As important as it is to be password-savvy and always vigilant when working, searching and shopping online, there are tools you can use to protect your computer and other devices from malware, ransomware, etc.Hack #4: Beef-up Your Cyber Defenses
Just as you protect your home from intruders by installing and using secure locks on your doors and windows, you can similarly protect connected devices. Email and the internet are the two primary sources of malware infections in computers. Therefore, the safest cyber best practices include using tools that work continuously and automatically behind the scenes. All of these tools and tips will help you fend off potential attacks:
- Set the security controls for your browser to the highest levels. Are you using the latest plug-in versions? If not, you’re more vulnerable to malware delivered via extensions, infected pop-ups or plug-ins.
- Make sure your computer has a firewall and that it is also configured to the maximum settings. It should have a strong password, too.
- If you’re using a PC, run Microsoft Baseline Security Analyzer to scan your system for missing service packs, security updates and so on. The tool is free.
- Install an inclusive, top-rated anti-virus software, and make sure it is regularly updated. If you’ve been using a Kaspersky product, it’s probably best to remove it and switch to something else. Perhaps the Russian company is not involved in any malicious data-gathering activities, as has been rumored, but Best Buy has stopped selling their products, US federal agencies are now forbidden to use Kaspersky products, and more and more private enterprises have stopped using them, too.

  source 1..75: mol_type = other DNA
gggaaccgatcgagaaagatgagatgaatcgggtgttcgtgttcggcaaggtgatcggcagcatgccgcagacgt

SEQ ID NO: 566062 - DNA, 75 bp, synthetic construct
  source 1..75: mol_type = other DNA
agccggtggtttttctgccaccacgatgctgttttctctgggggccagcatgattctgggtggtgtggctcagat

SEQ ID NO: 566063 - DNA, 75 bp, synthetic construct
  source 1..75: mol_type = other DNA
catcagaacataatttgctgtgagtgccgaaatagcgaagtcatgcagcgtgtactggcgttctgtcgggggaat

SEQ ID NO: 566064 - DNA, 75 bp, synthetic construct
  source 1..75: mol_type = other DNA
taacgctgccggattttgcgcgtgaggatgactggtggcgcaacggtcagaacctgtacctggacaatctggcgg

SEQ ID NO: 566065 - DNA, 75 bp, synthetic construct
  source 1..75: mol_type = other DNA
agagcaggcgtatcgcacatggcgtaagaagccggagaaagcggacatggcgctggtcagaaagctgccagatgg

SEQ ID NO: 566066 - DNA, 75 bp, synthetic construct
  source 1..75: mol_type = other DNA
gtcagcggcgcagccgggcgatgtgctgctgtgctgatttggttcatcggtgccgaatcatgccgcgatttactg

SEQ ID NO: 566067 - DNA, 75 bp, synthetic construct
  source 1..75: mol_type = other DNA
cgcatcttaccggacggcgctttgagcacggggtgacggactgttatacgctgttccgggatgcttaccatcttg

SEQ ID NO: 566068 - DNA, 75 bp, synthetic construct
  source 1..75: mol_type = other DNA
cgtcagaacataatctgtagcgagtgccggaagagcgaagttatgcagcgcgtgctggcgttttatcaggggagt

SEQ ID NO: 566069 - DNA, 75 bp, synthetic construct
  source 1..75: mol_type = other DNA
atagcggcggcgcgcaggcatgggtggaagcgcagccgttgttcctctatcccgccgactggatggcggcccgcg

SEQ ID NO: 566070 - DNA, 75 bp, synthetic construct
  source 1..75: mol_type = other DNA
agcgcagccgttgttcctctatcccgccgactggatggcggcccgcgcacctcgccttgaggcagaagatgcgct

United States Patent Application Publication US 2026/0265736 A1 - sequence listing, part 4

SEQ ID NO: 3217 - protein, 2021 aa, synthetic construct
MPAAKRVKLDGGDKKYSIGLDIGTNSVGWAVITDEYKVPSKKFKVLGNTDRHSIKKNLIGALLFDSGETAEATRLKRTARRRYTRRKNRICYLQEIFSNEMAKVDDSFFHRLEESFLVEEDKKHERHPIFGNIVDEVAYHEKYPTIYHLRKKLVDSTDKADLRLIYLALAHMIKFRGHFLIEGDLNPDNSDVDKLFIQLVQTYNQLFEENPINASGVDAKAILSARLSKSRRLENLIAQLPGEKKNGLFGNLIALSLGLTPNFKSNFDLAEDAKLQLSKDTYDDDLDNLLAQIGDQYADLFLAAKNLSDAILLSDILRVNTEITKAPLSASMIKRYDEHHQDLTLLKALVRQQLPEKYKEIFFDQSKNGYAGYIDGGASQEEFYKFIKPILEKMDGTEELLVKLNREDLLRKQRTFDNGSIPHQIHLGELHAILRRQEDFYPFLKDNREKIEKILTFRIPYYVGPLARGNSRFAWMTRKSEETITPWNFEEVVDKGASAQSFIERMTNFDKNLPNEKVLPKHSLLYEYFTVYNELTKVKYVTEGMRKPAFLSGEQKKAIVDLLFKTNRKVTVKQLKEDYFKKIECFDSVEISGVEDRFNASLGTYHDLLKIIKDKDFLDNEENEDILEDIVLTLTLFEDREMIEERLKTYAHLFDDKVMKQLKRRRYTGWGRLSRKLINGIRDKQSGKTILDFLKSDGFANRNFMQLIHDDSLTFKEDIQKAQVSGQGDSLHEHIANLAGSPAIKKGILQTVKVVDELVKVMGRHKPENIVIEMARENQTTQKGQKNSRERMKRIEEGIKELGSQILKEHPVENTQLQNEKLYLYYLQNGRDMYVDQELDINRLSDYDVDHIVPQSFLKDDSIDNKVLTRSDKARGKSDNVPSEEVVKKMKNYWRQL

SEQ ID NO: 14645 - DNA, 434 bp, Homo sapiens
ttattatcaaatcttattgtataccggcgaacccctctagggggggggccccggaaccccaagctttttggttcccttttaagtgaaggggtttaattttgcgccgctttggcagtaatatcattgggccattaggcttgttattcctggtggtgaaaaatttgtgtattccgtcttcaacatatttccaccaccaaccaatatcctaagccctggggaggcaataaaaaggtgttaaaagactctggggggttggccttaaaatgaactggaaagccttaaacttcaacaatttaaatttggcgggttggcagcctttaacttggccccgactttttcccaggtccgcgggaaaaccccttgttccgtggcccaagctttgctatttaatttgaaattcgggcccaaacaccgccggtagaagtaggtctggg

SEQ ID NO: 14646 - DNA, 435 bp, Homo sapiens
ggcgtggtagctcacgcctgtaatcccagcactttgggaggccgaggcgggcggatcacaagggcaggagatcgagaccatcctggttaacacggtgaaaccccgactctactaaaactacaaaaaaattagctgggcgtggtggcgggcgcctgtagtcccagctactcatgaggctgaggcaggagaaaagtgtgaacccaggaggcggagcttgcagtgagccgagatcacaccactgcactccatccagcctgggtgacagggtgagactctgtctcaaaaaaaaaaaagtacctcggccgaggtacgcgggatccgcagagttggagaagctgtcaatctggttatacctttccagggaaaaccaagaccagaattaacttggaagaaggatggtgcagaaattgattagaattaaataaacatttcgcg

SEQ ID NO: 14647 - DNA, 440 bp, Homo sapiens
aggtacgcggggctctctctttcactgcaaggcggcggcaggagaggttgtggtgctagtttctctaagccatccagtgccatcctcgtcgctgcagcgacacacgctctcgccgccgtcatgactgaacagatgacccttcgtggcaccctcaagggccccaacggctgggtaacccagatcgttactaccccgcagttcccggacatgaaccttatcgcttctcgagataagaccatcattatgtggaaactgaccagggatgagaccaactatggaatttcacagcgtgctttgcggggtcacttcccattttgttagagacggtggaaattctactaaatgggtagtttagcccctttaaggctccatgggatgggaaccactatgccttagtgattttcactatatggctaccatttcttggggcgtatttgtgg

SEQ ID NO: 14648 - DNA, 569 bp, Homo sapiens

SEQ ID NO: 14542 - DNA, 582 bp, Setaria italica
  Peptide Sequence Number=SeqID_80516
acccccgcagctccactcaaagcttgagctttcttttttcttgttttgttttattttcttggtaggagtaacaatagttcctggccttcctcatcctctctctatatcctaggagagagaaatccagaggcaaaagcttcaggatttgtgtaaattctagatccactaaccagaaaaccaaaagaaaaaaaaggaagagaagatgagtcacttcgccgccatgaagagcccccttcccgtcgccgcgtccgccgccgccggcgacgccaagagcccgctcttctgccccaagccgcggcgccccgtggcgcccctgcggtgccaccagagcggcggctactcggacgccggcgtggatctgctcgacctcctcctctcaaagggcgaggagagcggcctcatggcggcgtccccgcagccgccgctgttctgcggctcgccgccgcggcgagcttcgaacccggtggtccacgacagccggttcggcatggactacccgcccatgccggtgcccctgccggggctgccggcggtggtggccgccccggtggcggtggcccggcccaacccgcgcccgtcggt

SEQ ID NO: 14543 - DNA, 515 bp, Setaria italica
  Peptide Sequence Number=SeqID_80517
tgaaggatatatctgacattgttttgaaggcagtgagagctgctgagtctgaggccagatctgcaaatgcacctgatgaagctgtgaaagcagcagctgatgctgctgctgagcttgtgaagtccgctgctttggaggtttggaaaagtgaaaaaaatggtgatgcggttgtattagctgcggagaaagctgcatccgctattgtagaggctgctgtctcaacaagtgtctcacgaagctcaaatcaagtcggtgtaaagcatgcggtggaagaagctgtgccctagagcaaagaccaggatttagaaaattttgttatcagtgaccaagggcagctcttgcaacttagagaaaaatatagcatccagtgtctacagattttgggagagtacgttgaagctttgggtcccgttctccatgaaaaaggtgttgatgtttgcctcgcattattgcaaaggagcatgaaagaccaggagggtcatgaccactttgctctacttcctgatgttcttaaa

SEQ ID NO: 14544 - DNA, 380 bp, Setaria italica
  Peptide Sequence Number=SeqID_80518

- Cover the webcam on your computer, because hackers can use it to spy on you and capture information. A piece of painter’s tape works great, as it’s easy to remove without leaving residue.
- Don’t use removable media devices such as thumb drives to transfer files. A lot of people don’t realize how risky these little devices can be. In fact, one study revealed that 20% of people were willing to pick up a device they found in a public place and plug it into their computer. Never use a portable device that’s been out of your control, because they can easily transport malware along with files, deliberately or inadvertently.
- Remember that it’s not only computers and mobile devices you need to worry about – it’s anything that uses Wi-Fi. That includes your Wi-Fi router, Fitbit, Amazon Echo and other “smart home” devices. It also includes your printer – an intrusion point that’s growing in popularity with hackers. Everything needs the best possible privacy and security settings.
- Before you purchase any connectable device, find out what kind of built-in protections it has or how you will be able to keep it safe.
Using all the safeguards available to you is a simple hack that will help you be a safer cyber citizen. Want to know more? Watch for our next hack tip.